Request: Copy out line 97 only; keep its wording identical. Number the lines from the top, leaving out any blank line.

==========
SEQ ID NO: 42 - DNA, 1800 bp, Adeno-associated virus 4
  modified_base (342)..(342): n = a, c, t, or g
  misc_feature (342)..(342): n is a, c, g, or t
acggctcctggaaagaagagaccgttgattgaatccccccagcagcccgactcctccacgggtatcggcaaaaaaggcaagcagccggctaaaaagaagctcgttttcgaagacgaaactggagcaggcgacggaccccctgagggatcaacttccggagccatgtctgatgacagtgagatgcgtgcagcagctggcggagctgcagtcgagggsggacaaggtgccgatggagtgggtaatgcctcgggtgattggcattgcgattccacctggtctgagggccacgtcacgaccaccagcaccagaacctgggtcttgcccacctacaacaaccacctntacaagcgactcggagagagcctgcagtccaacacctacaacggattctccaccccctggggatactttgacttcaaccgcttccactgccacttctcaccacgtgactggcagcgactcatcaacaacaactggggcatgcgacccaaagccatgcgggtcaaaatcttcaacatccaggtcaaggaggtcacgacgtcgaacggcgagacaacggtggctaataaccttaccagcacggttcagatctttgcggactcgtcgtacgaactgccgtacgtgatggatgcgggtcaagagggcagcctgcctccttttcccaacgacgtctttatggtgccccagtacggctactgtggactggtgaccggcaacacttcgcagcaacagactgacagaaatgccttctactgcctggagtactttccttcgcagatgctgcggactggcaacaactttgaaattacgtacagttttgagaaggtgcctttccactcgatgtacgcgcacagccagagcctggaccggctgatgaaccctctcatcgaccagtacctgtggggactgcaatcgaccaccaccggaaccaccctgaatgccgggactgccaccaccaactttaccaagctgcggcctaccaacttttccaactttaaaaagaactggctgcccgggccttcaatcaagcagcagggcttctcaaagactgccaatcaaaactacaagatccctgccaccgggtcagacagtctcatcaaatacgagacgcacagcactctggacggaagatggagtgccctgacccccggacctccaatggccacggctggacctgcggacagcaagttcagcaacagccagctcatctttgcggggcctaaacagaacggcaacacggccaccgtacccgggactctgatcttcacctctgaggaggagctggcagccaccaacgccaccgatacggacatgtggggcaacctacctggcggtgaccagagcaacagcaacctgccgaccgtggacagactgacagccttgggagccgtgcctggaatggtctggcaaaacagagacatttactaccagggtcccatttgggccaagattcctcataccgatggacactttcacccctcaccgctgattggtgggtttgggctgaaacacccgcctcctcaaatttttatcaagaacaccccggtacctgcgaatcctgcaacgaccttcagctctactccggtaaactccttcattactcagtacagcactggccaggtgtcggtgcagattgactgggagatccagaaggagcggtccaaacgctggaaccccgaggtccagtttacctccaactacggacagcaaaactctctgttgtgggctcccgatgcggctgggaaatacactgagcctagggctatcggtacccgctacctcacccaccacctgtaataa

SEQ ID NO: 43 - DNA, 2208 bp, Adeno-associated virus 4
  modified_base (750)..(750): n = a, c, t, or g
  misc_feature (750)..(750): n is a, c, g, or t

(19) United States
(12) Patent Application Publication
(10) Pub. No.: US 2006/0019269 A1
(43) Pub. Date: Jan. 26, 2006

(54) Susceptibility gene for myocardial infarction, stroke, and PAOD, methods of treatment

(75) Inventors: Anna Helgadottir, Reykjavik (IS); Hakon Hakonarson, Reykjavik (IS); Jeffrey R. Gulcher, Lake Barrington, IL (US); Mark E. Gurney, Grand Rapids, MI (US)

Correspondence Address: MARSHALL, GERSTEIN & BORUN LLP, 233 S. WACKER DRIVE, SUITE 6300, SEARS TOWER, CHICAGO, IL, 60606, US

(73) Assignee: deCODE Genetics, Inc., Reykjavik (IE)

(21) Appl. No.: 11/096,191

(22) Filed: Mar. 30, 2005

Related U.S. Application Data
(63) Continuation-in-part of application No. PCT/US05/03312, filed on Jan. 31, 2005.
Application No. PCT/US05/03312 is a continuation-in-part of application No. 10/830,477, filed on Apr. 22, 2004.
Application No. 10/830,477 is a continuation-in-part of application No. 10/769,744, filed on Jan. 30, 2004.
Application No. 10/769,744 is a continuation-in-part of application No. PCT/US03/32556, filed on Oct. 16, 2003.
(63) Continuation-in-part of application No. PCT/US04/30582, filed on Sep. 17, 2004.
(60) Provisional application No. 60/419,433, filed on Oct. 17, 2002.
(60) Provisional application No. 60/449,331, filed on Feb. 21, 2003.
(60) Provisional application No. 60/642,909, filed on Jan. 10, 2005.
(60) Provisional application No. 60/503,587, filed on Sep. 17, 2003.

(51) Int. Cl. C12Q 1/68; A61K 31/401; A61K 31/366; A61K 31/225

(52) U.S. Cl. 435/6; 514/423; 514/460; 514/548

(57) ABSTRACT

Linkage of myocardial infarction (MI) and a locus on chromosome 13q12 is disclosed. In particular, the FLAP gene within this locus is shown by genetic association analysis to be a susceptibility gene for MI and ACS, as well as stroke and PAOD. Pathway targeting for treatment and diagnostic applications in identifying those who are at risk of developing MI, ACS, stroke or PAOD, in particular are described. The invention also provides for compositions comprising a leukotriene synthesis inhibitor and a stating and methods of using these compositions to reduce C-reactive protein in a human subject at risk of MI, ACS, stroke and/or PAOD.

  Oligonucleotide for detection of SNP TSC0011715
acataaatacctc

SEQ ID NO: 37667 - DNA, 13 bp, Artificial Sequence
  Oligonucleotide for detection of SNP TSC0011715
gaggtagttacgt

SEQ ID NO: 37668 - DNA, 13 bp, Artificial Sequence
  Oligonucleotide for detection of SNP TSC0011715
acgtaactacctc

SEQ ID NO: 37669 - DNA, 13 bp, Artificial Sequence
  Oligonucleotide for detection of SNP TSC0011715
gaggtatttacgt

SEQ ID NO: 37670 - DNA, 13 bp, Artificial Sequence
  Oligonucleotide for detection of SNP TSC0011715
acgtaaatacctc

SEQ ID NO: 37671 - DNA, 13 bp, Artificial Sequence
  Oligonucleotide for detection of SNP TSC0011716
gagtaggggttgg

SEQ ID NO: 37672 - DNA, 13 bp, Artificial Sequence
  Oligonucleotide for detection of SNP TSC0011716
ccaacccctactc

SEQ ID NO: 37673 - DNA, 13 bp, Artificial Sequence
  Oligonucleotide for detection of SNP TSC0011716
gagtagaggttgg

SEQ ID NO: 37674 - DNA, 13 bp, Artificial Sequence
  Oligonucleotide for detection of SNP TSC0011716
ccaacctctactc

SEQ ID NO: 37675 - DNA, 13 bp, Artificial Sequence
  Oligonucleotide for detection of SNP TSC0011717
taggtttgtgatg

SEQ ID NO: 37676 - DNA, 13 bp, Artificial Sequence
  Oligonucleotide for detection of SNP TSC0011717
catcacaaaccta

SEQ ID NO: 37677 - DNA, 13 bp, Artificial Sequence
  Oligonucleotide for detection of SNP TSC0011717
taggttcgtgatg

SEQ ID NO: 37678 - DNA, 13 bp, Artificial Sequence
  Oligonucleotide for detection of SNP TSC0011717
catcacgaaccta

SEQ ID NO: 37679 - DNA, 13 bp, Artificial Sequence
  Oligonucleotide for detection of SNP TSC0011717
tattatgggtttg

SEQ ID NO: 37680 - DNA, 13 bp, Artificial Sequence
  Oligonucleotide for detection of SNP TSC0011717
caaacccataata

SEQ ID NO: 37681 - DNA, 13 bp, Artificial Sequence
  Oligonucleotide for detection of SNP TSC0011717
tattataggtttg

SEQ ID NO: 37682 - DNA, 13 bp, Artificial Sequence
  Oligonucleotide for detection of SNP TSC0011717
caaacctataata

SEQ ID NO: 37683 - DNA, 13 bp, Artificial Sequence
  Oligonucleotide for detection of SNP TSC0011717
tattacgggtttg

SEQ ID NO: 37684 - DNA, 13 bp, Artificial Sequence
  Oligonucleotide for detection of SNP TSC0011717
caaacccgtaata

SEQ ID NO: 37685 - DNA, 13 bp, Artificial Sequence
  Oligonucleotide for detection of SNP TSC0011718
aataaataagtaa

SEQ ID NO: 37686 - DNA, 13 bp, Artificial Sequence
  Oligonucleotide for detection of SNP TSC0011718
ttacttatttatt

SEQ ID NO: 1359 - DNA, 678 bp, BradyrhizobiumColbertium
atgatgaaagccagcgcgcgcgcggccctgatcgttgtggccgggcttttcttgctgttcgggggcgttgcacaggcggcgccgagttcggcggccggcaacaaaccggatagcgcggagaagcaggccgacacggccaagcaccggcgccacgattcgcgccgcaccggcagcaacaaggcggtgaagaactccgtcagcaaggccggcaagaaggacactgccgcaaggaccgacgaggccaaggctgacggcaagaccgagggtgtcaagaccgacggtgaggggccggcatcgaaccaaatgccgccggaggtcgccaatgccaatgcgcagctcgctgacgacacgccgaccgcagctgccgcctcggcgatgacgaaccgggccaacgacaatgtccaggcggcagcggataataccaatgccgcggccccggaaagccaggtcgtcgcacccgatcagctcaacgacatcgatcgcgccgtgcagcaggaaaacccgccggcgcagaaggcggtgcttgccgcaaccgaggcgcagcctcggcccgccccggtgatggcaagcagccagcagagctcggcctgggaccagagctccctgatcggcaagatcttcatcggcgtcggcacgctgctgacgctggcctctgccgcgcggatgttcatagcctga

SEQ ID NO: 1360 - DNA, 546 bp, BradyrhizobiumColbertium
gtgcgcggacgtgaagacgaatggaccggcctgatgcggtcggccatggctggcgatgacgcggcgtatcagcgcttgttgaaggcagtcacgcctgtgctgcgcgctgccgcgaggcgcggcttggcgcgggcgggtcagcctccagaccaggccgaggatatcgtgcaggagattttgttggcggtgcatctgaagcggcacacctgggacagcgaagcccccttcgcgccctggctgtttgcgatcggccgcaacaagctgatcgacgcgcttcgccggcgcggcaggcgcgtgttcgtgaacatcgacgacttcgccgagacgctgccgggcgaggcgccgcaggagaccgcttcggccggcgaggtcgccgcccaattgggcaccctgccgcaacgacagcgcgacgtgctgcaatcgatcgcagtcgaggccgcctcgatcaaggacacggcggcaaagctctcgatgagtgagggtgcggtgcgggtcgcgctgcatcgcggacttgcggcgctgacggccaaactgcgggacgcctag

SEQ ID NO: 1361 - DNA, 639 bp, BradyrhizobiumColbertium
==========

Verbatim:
gtgcgcggacgtgaagacgaatggaccggcctgatgcggtcggccatggctggcgatgacgcggcgtatcagcgcttgttgaaggcagtcacgcctgtgctgcgcgctgccgcgaggcgcggcttggcgcgggcgggtcagcctccagaccaggccgaggatatcgtgcaggagattttgttggcggtgcatctgaagcggcacacctgggacagcgaagcccccttcgcgccctggctgtttgcgatcggccgcaacaagctgatcgacgcgcttcgccggcgcggcaggcgcgtgttcgtgaacatcgacgacttcgccgagacgctgccgggcgaggcgccgcaggagaccgcttcggccggcgaggtcgccgcccaattgggcaccctgccgcaacgacagcgcgacgtgctgcaatcgatcgcagtcgaggccgcctcgatcaaggacacggcggcaaagctctcgatgagtgagggtgcggtgcgggtcgcgctgcatcgcggacttgcggcgctgacggccaaactgcgggacgcctag